Tag Archives: garlic

Tzatziki Yogurt Sauce

Tzatziki is an incredibly refreshing (and healthy) Greek yogurt sauce that is excellent for dipping pita slices or fresh-cut vegetables.  My favorite use for the sauce is alongside Dolmades, or on top of a pita stuffed with vegetables (tomatoes, onions, mushrooms & green peppers).

I prefer a chunkier texture, which is what I’ve recorded here–however some recipes call for a seeded, almost shredded cucumber.  I’ve also adapted my own recipe so that I can make it in under 5 minutes.  It chills well in the fridge for a couple of days, but it usually doesn’t last that long!

INGREDIENTS:
8 oz plain Greek yogurt
1 small cucumber, finely chopped
1 T olive oil
1/2 lemon, juiced
1 T fresh dill, chopped
2 cloves garlic, minced
salt and pepper to taste

DIRECTIONS:
Mix ingredients together in a bowl.  Salt and pepper to taste.  Serve with Dolmades, Pita, or as a vegetable dip.

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Tostones

The ripeness and color of any plantain you choose at the market has a huge impact on the taste of your intended meal.  Green plantains are fantastic as a savory dish, as they are only slightly sweet; yellow and black plantains are more suited for sweet caramelized dishes.  

When I make tostones I choose a green plantain with almost no black spots.  When I make platanos maduros, I prefer a ripeness somewhere between yellow and black, although many traditional Latin-American dishes suggest using a completely black plantain.  Generally, I buy them green and store in a bowl on the counter for future use.  A green plantain can take up to a month to turn black, so its an easy fruit to perpetually have on hand.

INGREDIENTS:
1 green plantain
1/4 inch corn oil in a cast iron skillet
1 small dinner plate
Sea salt to taste
Lime wedges

DIRECTIONS:
Peel the plantain by cutting off each edge and then slicing lengthwise on both sides. Peel away the remaining peel. Slice the fruit at an angle into 1 1/2 inch chunks–slicing at an angle (rather than creating a flat surface) will help with smashing later in the process.

Heat 1/4-1/2 inch of corn oil in a cast iron frying pan. When a small drop of water sizzles in the pan, the oil is ready for frying. Carefully add plantain chunks to pan and fry both sides for approximately 3-5 minutes–until tostones just begin to brown.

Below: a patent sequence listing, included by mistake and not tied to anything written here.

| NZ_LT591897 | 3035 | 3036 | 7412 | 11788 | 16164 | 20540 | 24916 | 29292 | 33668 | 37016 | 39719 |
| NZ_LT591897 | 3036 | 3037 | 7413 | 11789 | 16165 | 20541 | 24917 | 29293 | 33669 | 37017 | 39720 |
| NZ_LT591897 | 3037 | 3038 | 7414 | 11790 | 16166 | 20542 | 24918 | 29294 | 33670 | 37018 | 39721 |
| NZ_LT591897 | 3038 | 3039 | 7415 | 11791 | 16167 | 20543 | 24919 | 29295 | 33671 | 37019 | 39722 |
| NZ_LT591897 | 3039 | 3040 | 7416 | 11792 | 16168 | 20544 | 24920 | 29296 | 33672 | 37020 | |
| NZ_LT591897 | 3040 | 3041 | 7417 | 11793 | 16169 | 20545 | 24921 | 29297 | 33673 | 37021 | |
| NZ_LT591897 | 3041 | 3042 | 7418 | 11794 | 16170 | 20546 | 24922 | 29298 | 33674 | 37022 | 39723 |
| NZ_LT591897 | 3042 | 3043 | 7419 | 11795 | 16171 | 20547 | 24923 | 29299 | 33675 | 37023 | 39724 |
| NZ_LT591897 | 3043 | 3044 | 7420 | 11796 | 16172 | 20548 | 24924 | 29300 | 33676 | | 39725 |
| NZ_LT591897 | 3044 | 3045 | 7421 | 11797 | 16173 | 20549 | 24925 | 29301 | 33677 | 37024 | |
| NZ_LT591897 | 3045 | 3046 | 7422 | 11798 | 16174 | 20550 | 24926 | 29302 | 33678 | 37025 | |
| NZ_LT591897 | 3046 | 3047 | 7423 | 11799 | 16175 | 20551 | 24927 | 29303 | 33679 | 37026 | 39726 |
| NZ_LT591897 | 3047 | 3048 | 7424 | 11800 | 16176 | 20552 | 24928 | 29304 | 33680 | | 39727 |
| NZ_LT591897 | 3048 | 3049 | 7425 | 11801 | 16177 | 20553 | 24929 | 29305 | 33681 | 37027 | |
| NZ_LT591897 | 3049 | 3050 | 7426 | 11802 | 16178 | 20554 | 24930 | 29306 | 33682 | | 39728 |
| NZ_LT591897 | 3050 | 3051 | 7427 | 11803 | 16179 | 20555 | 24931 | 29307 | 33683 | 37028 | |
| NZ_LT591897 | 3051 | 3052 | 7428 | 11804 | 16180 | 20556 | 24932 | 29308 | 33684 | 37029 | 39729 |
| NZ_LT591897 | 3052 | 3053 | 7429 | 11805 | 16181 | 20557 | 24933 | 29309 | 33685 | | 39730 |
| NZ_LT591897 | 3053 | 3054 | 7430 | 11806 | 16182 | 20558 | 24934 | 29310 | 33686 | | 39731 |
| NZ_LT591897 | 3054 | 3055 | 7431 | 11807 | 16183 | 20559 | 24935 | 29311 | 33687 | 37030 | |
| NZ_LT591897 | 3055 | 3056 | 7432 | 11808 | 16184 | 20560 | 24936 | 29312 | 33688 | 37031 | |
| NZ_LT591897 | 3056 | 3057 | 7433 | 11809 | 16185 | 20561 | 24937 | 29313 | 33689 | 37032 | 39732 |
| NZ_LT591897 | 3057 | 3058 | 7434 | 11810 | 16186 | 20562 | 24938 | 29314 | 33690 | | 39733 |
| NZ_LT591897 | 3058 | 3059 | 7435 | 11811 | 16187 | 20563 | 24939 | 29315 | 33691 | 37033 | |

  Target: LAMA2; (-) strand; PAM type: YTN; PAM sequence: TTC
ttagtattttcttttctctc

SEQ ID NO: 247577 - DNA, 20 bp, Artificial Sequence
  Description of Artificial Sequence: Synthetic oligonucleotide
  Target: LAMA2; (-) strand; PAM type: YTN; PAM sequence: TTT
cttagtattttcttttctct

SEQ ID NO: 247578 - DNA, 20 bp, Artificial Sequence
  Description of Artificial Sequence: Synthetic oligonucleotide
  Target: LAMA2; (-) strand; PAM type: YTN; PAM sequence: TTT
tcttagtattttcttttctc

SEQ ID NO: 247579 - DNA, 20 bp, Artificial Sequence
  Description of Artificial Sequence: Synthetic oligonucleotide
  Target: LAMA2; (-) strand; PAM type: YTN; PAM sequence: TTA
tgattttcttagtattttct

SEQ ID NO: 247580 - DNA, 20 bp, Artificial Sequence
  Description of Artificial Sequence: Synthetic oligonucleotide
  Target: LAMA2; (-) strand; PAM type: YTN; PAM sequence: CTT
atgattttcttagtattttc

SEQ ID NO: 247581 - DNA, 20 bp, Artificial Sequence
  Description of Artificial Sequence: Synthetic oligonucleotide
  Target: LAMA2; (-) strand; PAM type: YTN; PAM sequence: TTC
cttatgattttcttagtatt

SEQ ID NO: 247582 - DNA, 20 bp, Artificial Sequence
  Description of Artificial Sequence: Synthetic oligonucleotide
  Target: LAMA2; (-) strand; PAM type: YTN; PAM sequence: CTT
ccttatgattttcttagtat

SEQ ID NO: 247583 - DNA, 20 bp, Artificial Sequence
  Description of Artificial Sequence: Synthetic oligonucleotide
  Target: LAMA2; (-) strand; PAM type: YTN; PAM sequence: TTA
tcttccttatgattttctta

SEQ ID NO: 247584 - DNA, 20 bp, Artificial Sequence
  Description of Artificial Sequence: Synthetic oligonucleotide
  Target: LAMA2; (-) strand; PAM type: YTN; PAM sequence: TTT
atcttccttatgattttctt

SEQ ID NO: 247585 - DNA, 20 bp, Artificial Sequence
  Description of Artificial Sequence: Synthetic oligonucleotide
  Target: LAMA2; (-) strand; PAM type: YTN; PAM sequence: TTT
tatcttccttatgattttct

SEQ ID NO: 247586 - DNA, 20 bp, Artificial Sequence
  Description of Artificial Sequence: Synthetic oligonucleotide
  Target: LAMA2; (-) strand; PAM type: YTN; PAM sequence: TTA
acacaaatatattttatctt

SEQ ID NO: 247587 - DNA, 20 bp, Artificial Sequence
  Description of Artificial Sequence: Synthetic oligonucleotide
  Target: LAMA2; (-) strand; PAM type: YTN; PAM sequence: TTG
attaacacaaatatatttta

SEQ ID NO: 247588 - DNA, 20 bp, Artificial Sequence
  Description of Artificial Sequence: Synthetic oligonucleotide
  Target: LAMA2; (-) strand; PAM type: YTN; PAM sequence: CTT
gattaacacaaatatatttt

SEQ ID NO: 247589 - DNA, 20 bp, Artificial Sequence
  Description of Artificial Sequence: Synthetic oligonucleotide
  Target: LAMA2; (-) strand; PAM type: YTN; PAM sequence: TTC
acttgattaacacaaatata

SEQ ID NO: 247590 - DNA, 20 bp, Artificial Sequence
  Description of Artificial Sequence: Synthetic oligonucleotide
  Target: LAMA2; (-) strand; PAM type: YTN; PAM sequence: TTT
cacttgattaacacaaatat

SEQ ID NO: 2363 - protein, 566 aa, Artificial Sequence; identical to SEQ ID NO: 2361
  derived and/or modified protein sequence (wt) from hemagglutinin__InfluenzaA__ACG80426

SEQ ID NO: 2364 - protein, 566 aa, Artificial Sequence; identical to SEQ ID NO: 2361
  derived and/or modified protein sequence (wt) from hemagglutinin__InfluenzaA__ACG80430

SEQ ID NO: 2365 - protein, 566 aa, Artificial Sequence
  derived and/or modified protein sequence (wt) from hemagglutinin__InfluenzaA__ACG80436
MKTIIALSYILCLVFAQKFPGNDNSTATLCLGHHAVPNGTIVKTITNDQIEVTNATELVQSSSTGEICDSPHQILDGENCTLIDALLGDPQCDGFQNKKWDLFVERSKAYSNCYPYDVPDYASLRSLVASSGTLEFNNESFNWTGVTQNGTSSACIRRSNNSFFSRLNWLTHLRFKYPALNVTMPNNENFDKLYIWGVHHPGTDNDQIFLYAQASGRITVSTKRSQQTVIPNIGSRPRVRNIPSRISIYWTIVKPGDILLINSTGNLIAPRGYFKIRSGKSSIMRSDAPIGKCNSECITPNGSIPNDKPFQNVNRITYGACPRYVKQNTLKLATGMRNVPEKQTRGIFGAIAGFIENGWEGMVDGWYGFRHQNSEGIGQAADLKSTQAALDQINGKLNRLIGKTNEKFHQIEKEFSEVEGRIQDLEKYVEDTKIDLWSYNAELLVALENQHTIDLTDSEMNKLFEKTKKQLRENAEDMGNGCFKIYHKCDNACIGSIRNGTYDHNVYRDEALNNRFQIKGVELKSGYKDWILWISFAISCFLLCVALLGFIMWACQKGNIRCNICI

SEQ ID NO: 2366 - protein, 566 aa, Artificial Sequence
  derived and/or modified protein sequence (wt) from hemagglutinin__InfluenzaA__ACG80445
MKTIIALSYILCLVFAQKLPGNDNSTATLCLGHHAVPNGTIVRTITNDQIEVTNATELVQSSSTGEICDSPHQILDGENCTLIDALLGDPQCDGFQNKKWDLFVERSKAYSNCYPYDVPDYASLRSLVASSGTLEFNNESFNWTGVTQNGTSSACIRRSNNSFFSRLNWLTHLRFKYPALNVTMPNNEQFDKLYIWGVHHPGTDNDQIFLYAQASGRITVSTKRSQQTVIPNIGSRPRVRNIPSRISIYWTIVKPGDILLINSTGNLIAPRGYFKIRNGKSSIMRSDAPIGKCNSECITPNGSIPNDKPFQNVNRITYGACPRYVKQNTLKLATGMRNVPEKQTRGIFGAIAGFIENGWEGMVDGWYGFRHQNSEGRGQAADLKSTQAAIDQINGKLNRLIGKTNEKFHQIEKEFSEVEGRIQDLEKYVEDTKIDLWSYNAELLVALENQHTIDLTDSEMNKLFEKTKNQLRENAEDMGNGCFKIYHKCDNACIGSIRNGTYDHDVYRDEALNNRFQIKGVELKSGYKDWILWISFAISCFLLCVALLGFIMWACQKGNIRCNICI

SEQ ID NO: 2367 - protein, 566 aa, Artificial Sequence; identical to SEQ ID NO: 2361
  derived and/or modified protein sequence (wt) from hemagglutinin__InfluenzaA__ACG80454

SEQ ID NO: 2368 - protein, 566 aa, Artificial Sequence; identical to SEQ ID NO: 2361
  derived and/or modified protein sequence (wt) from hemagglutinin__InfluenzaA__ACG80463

Remove chunks and drain oil on a paper towel.  Using a small plate, flatten the tostones one at a time. The idea is not to make them super-flat, but just mash them down.

Return to oil and fry an additional minute or two flipping halfway through, until tostones are golden brown.

Remove from frying pan and drain oil once more onto paper towels.  Sea salt to taste, and serve with Lime-Garlic Mayonnaise and some extra lime wedges.


Lime-Garlic Mayonnaise

I absolutely adore homemade mayonnaise because its nothing like the store-bought stuff.  Its really fun to make, and its totally customizable.  All you really need is an egg, some oil, and an acidic ingredient like lemon juice or vinegar; experimenting is really cool.

One tip if you’ve never made mayo before: really, really take your time when emulsifying the oil and egg.  If you pour too quickly, the ingredients will not bind.  Further suggestions are in the recipe directions below.

Since you will not be adding any preservatives (yay!) to this awesomely homemade mayonnaise, be especially attentive to its life outside the refrigerator.  Also, I always throw mine out after a week.  Any longer might be compromising the food-safety integrity of the mayo.

IMPORTANT NOTE: This recipe does use raw eggs so if you are unsure about whether you are “at risk” when consuming raw eggs, check out the USDA Egg Fact Sheet.

INGREDIENTS:
1 egg
1 C vegetable oil, divided in half
1 T Dijon mustard
2 large garlic cloves, minced
Juice of one small lime
1/2 tsp salt